———
This, then, is a policy which (almost by definition) will help people who are in a better position to help themselves than many others.

It’s all very well rewarding hard work but what about all the many millions of other families who also work hard on low incomes but who are stuck paying sky-high private sector rents? What about their dreams of home ownership?

Good Week, Bad Week….

So….

It’s been a good week for the Conservatives in Rochford gaining an extra councillor, and the national Tory website Conservativehome reports on it here. There’s a mixed response in the comments.

It’s been a bad week for UKIP in Essex , on the same day that Nigel Farage visited the county, they lost one of their council seats in Harlow to Labour. And a UKIP councillor in Thurrock has been suspended from the party following drink driving. Why oh why do councillors say to the police “Do you know who I am? I am a prominent councillor, I know the police commissioner.”

It’s been a good week for the main opposition group on Rochford District Council. The 5 residents Councillors and 2 Greens all spoke at Full Council on the budget, there was actually a bit of a debate for once. We’ll write more about the Budget meeting when the minutes are published and we can link to them..

Goodbye June

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We heard from our Lib Dem colleague June Lumley today that she is going to seek re-election to the District Council this year – but this time as a Conservative.

June has been both a District and Town councillor in Grange Ward for a long time, with a good reputation that has helped her survive repeated Conservative challenges. June has indeed been a dignified and serene chairman of the District Council this year.

If June had stood as an independent, that would not have been a surprise – June has been an independent on the Town Council for a long time. But standing for the Tories isn’t going to be easy- the Conservatives are pretty unpopular in West Rayleigh right now! Her switch is bound to be seen as an endorsement of the Tory District Core Strategy which may lead to all the proposed development North of London Road.

If she wins it will be interesting to see how she manages moving from the Lib Dems, where she has not been whipped, into a tightly-whipped Conservative Group.

For the local Lib Dems , this gives us the chance for more some vigorous campaigning and recruiting in Grange Ward. In a period of 10 years, we found 7 good candidates in Downhall and Rawreth to stand for us around Rayleigh. No new candidates came from Grange Ward.

The Capons’ Greatest Moments

 

Phil and Tracy Capon are husband and wife, and both are currently  Conservative Councillors on Rochford District Council. In fact Phil is the Chair of the Development Committee. Word reached us at the weekend that they had both been deselected by the Conservative Association – so they cannot stand as Conservatives when they both come up for election next May.

This is pretty dramatic by Rochford standards – councillors are very  seldom deselected against their wishes, except on the grounds of old age, which doesn’t apply here. Might it possibly be that they can’t manage to slavishly follow the party line? Here’s a  few things we have written -on onlineFOCUS over the years:

 

September 12th, 2014 |

An Admirable Attitude

Rochford Life has a short interview with Hawkwell Tory District Councillor Phil Capon. Phil is Chair of the Development Committee – the one that deals with planning applications. He makes some good points, for example:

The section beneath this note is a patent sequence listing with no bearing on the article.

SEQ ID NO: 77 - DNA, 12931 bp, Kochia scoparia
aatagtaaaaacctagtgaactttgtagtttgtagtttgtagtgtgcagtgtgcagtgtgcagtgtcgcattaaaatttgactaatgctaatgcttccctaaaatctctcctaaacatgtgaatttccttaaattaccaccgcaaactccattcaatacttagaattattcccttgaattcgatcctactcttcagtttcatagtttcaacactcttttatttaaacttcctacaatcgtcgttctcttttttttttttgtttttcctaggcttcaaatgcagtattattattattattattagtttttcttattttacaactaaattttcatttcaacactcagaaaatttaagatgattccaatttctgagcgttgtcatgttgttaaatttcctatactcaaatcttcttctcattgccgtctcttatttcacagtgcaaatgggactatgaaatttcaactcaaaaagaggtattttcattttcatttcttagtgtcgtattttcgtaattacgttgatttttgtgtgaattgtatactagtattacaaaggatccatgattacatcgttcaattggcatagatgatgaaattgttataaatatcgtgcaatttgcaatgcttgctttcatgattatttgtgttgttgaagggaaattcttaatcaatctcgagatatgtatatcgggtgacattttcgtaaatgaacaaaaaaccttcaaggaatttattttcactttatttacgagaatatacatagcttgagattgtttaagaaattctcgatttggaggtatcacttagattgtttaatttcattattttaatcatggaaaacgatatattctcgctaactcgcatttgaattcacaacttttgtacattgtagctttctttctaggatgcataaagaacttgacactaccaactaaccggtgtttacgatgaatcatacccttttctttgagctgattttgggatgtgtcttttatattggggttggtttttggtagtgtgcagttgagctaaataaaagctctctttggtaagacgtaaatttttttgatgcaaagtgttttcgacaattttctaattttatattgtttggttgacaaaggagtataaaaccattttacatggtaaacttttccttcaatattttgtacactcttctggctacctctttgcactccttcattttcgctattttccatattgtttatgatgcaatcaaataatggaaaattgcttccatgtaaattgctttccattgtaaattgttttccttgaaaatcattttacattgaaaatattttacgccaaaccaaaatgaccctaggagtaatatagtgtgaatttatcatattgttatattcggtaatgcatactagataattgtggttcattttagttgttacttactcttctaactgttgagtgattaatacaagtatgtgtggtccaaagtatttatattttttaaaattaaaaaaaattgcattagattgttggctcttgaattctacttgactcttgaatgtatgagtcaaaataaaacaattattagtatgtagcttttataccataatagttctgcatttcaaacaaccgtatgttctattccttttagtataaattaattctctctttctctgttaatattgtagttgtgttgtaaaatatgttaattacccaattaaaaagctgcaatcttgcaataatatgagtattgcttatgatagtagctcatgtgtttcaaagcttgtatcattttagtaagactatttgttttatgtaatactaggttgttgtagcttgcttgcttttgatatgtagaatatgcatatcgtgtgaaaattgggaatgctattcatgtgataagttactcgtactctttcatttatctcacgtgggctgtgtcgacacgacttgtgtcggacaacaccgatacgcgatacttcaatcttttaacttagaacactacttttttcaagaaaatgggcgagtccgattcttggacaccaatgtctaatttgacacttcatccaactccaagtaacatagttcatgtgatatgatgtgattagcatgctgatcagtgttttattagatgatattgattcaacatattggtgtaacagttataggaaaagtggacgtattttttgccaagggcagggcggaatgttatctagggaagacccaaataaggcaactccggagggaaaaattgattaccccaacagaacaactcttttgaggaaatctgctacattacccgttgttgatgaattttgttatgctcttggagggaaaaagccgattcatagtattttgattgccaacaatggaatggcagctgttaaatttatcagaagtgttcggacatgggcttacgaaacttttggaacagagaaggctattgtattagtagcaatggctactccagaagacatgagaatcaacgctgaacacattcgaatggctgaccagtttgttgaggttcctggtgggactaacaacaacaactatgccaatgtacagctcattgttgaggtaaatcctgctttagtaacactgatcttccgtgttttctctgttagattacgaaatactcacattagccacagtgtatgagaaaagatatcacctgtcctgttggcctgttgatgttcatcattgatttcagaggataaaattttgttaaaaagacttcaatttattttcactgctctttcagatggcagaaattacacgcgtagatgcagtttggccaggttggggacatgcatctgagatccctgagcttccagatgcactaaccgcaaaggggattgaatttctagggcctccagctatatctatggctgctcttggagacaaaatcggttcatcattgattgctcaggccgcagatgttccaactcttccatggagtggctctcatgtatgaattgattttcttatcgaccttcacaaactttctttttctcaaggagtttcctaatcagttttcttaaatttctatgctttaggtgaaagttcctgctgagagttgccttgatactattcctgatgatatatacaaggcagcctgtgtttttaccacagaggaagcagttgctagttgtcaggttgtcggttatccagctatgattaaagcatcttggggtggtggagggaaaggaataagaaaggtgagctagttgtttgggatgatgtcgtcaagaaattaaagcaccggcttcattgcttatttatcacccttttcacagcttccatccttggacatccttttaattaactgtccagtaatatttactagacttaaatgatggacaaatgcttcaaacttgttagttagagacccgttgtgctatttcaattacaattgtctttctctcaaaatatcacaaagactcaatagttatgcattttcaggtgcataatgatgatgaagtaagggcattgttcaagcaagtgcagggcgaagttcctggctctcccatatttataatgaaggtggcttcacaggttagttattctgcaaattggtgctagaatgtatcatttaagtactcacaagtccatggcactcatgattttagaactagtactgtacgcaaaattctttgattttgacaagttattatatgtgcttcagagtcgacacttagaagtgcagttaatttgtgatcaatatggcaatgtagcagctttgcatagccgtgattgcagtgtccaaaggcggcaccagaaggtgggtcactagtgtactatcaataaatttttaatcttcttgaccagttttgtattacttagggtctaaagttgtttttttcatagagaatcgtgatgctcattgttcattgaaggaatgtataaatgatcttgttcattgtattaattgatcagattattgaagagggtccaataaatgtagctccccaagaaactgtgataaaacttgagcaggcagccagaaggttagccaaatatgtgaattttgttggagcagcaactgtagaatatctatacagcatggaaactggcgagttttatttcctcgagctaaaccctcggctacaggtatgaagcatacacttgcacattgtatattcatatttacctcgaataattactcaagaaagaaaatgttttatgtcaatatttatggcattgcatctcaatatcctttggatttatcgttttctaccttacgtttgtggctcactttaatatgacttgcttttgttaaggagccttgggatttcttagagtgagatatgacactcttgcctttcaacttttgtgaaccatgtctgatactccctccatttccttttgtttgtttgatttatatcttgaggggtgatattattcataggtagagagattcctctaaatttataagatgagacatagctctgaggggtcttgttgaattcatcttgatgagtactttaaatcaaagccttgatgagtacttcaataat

I’ve always believed that if you are going to be on the Council you should be open to all views and be open to change. It’s what I don’t like about party politics where it tends to be go with the prevailing view rather than think through alternative possibilities that may be good from other parties.

July 27th, 2014 |

The Ones Who Signed – And The Ones Who Didn’t

These are the 20 Conservative Councillors who signed the motion to abolish ordinary councillors’ rights to call in a decision to full council:

Cllrs T G Cutmore; Mrs C E Roe;
K H Hudson; D Merrick; I H Ward; M R Carter; M J Steptoe; Mrs L A Butcher;
Mrs M H Spencer; Mrs G A Lucas-Gill; Mrs J E McPherson; M Maddocks;
C G Seagers; K J Gordon; S P Smith; Mrs A V Hale; Mrs C A Weston;
R R Dray; Mrs J A Mockford and B T Hazlewood:-

and these 7 are the ones who haven’t signed:

Phil Capon
Tracy Capon
Heather Glynn
John Griffin
Jack Lawmon
Dave Sperring
Barbara Wilkins

June 20th, 2009 |

A Very Important Principle

At the last meeting of the Standards Committee, there was an item on updating the Councillors Code of Conduct On Planning Matters.

You can find the full officers report here. Chris Black noticed that something quite startling was being suggested by officers:

Members should copy and pass on any lobbying material, such as correspondence or leaflets they receive, to the Head of Planning and Transportation.


This would have meant that if anyone wrote to a councillor about any planning issue, the councillor would have been required to pass a copy on to the Head of Planning – Shaun Scrutton – or otherwise face disciplinary action!

Chris strongly opposed this. One reason is that it would destroy any privacy between councillors and members of the public. (What would be next? Tapping councillors’ phones? ) The other is that it wasn’t practical. On a really contentious planning application, 20 people might write to each councillor. That means that Mr Scrutton would have to receive nearly 800 copies of letters!

Thankfully, other members of the committee supported Chris on this – in particular, Cllr Phil Capon. And the sentence was changed to something reasonable: